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Smelting Plant Confirmed as Lead Poisoning Source
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A lead smelting plant has been confirmed as the source of lead poisoning that affected nearly 900 villagers in Gansu Province.

A provincial environmental official also said the plant had continued to discharge pollutants even after it had been told to stop.

Meanwhile, the local government says it is taking measures to help improve the polluted environment.

Officials in Huixian County sent medicine over the weekend to two villages where farmers have been suffering from lead poisoning.

They have also discussed with farmers the issue of compensation, Zhang Jiejing, an official with the county government, told China Daily on Monday.

"We also removed eight smelting facilities from the factory causing the pollution," the official said.

A total of 877 farmers in two villages near the factory were confirmed, after medical tests, as having excessive lead in their blood.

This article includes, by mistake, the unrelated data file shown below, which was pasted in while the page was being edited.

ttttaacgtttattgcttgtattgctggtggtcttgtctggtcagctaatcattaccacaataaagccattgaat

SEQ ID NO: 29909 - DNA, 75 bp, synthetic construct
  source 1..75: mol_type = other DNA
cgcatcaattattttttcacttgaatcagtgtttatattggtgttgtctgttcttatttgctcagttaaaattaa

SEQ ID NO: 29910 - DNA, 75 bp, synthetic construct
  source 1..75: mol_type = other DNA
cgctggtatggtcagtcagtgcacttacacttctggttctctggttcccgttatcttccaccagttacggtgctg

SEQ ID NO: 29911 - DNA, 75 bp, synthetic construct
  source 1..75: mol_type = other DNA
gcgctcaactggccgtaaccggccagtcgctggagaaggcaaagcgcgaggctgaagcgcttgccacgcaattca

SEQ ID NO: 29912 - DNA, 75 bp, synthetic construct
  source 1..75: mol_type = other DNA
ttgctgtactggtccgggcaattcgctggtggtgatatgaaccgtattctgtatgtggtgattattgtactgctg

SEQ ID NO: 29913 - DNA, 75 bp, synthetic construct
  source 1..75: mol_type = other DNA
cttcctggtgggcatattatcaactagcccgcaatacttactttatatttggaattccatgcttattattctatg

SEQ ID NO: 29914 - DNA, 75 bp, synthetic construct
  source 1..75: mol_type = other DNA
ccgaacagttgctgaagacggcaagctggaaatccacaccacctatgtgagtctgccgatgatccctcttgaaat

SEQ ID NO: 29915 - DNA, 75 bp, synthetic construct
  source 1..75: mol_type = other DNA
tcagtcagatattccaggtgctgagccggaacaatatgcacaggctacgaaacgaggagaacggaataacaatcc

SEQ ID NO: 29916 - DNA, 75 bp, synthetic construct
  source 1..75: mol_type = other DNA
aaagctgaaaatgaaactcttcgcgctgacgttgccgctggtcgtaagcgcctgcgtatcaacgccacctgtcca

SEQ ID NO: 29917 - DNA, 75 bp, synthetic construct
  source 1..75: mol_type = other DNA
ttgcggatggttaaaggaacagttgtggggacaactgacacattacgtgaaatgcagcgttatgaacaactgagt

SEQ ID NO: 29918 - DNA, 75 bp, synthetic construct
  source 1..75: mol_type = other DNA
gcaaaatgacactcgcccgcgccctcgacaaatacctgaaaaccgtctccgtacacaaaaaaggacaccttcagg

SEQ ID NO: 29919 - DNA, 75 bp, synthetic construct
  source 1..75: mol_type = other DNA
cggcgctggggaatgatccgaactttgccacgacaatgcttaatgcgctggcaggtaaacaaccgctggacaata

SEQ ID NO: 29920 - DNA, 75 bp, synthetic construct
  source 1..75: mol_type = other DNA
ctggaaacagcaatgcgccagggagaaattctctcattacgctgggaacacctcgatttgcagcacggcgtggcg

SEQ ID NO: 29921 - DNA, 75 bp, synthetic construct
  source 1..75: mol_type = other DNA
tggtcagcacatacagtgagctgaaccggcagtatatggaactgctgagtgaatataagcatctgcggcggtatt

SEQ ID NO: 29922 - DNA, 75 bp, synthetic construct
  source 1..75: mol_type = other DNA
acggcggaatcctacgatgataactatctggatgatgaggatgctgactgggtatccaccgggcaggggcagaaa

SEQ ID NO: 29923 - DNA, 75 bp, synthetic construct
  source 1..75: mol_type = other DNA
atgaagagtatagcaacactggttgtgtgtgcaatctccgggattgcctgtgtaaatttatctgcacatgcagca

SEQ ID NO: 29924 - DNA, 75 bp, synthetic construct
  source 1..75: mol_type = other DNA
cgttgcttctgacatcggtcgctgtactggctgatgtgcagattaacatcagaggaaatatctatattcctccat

Some 334 children under the age of 14 were poisoned, according to Gansu Provincial Health Department.

Since August, the farmers, from the villages of Xinsi and Moba in Shuiyang Township, have been for blood tests to Xijing Hospital in Xi'an, capital of Gansu's eastern neighbor Shaanxi Province.

This mass poisoning and pollution case drew the attention of the State Environmental Protection Administration, which sent a group to investigate.

On Saturday, after just one day of investigation, it found that the Huixian Hongyu Nonferrous Smelting company Ltd, a private smelting plant located near the two villages, was the source of the pollution, according to Ren Longjiang, member of the group.

"It must be relocated to a place far from residential areas and water sources," the expert said.

Yang Hua, an official with Gansu Provincial Environmental Protection Department, told China Daily that the plant had been ordered to close by the local government on August 22.

However, local farmers claimed the plant had been in operation for some 10 years and that they had reported the pollution on many occasions.

"They paid no attention," said Zhou Yongjie, a farmer living in the Xinsi, whose son is suffering from lead poisoning.

And according to Yang Hua, the local environmental protection official, the plant had been required to stop discharging polluted material, but had carried on doing so in secret.

(China Daily September 12, 2006)

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